Founded in 1869

The Birth of C-C

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The following article appeared 90 years ago and tells us of the origins of Paper-Chasing, or as we now know it to-day - cross-country running.

The article was written by Past President Tom Crafter.  Who, by the way, joined the Club on 15 February 1882.



Passing of the Father of Paper-Chasing.

It is with profound sympathy with his Club, the Thames Hare and Hounds, that we see the announcement of the death of their President, Walter Rye, which occurred at Norwich on Feb. 24 at the ripe age of 85. This gentleman was indubitably the originator of the idea of organising cross-country runs among men, although, of course, Hare and Hounds runs had taken place at schools and elsewhere previously. In his own words from the Badminton volume on Athletics: "At the end of 1867 a few members of the Thames Rowing Club at Putney conceived the idea of holding some cross-country steeplechases during the winter season, with the idea of keeping themselves more or less in condition until rowing began again. As may well be imagined, the arrangements of Thames Handicap Steeplechase No. 1, as it was called, were primitive in the extreme, and indeed the whole affair was treated more as a joke than anything else. The competitors were taken up to the starting-place on Wimbledon Common - the edge of the Beverley Brook by the bridge-in a bus, and had to dress how they could; and the race was run in the dark over about 2 1/4 miles of the roughest and boggiest part of the common, then very different indeed as to its surface from what it has now become after recent drainage. Still, there were a dozen starters out of twenty entries, and the affair being the first cross-country steeplechase (not being at a school) that had ever taken place attracted much attention in the athletic world, which was then getting fairly sure of its foundation after its five years of actual existence.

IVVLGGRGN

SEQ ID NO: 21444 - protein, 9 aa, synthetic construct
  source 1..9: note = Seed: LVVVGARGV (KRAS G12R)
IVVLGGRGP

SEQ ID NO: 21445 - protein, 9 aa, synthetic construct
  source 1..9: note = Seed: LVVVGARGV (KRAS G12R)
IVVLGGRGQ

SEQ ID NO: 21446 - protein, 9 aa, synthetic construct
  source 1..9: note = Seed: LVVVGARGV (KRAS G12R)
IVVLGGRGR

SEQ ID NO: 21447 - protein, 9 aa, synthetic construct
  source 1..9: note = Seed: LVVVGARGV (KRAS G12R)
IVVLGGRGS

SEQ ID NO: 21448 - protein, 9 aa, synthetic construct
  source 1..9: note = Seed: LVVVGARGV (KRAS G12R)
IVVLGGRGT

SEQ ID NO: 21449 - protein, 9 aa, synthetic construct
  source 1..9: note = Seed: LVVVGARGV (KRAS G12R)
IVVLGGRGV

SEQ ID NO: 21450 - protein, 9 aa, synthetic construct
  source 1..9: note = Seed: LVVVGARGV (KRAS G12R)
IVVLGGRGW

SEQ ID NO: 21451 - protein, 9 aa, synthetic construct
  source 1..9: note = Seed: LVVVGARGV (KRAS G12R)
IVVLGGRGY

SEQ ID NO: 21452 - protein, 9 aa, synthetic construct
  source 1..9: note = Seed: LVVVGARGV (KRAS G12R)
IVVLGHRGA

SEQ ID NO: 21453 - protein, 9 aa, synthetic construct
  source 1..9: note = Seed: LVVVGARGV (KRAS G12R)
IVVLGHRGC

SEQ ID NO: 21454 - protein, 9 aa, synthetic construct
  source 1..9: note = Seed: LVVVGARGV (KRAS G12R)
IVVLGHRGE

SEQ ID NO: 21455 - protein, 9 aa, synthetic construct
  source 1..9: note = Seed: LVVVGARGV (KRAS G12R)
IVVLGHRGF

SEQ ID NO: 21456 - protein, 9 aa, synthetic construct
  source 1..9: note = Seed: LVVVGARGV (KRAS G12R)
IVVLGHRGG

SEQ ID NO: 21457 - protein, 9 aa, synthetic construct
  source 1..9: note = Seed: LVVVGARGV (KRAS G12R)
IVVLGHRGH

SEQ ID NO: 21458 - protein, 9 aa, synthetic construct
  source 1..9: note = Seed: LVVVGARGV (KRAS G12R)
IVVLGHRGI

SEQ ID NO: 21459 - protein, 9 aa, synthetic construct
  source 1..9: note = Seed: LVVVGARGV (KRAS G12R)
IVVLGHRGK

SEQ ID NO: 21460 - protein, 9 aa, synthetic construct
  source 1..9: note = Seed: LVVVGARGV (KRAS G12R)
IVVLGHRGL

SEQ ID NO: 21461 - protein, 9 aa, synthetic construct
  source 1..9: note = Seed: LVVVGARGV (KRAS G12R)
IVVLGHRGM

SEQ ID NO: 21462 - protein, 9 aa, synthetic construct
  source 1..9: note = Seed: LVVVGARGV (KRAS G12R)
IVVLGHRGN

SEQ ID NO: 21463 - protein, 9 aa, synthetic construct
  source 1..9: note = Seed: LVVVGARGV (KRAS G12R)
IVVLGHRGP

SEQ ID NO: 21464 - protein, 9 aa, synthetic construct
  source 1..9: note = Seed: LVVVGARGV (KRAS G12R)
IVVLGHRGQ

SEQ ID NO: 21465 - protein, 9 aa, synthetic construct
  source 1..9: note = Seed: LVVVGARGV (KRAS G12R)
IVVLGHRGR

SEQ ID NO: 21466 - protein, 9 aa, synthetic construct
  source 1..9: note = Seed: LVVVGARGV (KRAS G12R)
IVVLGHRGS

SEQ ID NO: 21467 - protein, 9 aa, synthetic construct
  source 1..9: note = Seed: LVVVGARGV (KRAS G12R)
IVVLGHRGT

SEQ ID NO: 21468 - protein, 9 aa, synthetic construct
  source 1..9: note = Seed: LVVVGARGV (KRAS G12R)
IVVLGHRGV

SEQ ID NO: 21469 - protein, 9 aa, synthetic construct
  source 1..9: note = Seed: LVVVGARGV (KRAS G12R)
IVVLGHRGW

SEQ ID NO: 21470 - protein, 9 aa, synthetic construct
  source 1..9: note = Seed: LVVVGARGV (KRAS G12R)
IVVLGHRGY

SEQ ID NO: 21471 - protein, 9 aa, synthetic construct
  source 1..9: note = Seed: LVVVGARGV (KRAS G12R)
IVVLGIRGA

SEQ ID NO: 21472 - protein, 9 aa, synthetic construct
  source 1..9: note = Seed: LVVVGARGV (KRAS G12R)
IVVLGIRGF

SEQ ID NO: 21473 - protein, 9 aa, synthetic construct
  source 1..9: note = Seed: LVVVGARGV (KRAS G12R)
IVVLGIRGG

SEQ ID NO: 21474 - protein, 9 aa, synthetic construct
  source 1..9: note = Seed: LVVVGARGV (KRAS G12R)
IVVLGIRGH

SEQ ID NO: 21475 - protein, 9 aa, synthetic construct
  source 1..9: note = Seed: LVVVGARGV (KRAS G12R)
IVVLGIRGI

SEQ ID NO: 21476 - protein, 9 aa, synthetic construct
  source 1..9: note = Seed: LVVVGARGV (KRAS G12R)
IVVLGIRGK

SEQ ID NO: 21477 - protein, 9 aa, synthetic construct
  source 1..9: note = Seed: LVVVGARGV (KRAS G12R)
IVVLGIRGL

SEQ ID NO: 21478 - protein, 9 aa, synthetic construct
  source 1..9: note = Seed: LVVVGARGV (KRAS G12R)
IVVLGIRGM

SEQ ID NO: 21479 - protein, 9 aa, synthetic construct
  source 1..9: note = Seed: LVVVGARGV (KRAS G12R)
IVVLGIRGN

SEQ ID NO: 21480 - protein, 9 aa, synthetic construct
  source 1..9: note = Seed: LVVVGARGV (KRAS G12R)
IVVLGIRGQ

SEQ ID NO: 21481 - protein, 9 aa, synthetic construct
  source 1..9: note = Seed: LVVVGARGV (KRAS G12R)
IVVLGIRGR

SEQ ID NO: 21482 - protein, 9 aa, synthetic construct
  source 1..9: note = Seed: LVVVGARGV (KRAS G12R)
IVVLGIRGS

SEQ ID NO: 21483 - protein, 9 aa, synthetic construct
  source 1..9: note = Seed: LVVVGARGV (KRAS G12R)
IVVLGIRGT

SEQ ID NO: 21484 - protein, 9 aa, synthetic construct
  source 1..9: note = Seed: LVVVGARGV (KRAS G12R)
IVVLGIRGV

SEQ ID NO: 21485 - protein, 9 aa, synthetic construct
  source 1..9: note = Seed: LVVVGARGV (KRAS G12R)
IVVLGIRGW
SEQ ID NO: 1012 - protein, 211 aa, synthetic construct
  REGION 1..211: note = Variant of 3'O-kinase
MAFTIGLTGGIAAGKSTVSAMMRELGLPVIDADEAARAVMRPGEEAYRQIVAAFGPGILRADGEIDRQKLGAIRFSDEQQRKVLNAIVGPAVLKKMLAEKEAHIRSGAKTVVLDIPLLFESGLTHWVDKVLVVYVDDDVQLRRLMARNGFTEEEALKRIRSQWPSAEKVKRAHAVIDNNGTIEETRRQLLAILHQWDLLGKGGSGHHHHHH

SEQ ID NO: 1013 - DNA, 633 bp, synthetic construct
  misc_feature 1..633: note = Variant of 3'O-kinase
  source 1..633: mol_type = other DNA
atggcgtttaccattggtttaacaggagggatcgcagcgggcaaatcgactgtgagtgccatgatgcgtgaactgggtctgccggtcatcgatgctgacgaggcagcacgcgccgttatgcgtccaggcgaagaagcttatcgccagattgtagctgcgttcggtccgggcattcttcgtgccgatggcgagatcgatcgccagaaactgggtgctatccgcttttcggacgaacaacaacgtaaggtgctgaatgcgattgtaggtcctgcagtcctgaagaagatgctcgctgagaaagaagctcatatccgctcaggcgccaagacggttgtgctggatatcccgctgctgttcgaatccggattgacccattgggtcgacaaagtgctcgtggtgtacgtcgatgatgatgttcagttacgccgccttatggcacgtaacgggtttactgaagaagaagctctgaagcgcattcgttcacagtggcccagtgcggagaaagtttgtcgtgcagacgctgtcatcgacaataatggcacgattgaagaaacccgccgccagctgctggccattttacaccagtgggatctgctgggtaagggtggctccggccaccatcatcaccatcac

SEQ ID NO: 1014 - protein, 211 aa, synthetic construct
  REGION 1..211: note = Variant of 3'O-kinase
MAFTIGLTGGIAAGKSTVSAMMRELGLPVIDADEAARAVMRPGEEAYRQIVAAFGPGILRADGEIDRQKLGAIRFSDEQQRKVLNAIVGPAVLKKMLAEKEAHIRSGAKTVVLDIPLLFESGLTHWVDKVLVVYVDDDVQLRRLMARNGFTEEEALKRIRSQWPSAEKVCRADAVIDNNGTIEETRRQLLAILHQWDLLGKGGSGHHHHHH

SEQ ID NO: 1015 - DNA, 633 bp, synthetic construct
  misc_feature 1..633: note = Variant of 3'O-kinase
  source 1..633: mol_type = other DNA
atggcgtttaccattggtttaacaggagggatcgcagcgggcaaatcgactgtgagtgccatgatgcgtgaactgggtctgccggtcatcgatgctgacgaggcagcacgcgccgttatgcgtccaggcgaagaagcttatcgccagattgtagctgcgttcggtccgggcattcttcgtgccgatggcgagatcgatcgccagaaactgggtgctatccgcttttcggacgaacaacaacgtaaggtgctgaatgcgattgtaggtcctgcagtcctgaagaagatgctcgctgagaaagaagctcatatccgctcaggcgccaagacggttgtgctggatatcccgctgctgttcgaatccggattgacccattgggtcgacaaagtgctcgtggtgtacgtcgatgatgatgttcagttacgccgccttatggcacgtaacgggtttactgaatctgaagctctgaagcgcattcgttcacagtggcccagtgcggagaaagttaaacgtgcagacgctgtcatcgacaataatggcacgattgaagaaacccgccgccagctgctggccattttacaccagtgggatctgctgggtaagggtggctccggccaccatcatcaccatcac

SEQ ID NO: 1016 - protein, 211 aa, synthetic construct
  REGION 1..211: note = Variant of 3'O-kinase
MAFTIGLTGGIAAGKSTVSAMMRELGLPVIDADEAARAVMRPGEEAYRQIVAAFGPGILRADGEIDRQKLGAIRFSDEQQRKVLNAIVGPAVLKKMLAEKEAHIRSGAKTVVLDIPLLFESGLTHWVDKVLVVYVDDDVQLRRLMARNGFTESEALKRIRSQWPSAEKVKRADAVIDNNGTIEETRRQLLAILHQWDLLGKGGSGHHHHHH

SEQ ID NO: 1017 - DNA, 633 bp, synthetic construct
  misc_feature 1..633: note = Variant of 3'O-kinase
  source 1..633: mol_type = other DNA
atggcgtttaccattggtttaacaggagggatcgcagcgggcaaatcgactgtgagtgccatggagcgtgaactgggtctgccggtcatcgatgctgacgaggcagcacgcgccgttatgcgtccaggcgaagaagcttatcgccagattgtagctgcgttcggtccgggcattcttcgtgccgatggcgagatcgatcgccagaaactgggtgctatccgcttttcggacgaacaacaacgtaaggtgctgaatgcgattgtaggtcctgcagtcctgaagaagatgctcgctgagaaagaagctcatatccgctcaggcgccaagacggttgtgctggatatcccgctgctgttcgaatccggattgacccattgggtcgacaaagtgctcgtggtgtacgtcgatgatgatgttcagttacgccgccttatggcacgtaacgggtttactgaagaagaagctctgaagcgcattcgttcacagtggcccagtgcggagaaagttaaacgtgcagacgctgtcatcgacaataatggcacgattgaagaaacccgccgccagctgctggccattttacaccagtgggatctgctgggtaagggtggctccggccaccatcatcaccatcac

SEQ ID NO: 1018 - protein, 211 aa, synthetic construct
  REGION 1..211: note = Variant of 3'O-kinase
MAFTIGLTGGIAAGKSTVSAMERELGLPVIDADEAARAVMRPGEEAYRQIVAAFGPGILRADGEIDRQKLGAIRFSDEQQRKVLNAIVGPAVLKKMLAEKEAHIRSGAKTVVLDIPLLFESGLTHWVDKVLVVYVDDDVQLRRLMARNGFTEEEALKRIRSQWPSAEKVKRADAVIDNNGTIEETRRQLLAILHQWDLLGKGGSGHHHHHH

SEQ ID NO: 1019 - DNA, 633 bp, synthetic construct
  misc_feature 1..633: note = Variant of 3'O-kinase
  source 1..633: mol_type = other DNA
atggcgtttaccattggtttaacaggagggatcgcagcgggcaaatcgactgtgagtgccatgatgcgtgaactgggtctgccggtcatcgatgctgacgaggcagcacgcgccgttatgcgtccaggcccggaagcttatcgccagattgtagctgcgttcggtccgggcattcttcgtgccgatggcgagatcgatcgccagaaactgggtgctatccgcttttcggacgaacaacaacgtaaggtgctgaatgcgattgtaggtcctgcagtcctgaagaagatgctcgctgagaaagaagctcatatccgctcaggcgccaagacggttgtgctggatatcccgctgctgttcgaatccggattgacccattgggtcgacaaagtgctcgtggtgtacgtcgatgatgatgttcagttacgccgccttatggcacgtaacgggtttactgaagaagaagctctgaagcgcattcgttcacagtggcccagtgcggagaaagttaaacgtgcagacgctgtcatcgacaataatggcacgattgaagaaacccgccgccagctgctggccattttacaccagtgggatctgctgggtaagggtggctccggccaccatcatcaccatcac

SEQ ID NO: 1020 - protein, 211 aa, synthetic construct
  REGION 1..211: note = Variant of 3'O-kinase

"The next race was made an open event and attracted over fifty entries and twenty-four starters, King beating Webster by a little over a yard; Chappell, 15 yards away, beating Hawtrey by half a yard for third place. The fine finish was no doubt due to the men not knowing how fast they could go and so massing together, for the winner took 12.55, which will not compare with present times.

"Next winter (1868) it was thought that as a good many men who were fond of cross-country running had been got together, there was no reason why they should not try whether paper-chasing proper would not succeed as well among men as among boys, hence the starting of the Thames Hare and Hounds Club.

"Our first run took place on Oct. 17, 1868, from the King's Head, Roehampton."

This finishes the interesting extract, but we feel impelled to remark that the T.H.H. have retained their headquarters all these years, whereas we, the next oldest club, have in turn run from Peckham Rye, Blackheath, West Wickham, and now our own Club House at Hayes.

In the dim distant past Walter Rye and our own founder, Fred H. Reed, occasionally "crossed swords," or rather "pens," with regard to the best mode of carrying on our fine athletic exercise, but as years grow upon us we rather think that although their views did not always coincide they were each imbued with an equal wish to further to the utmost extent of their powers the grand sport with which we are particularly identified.

The present active men will agree with our Veterans in joining in our tribute to the pioneers such as Walter Rye and our own Fred H. Reed (also, by the way, a Thames Rowing Club man), who did such great work in initiating such a magnificent thing as cross-country running; particularly when they remember that this happened before there was any National Cross-Country Union or even Amateur Athletic Association itself.


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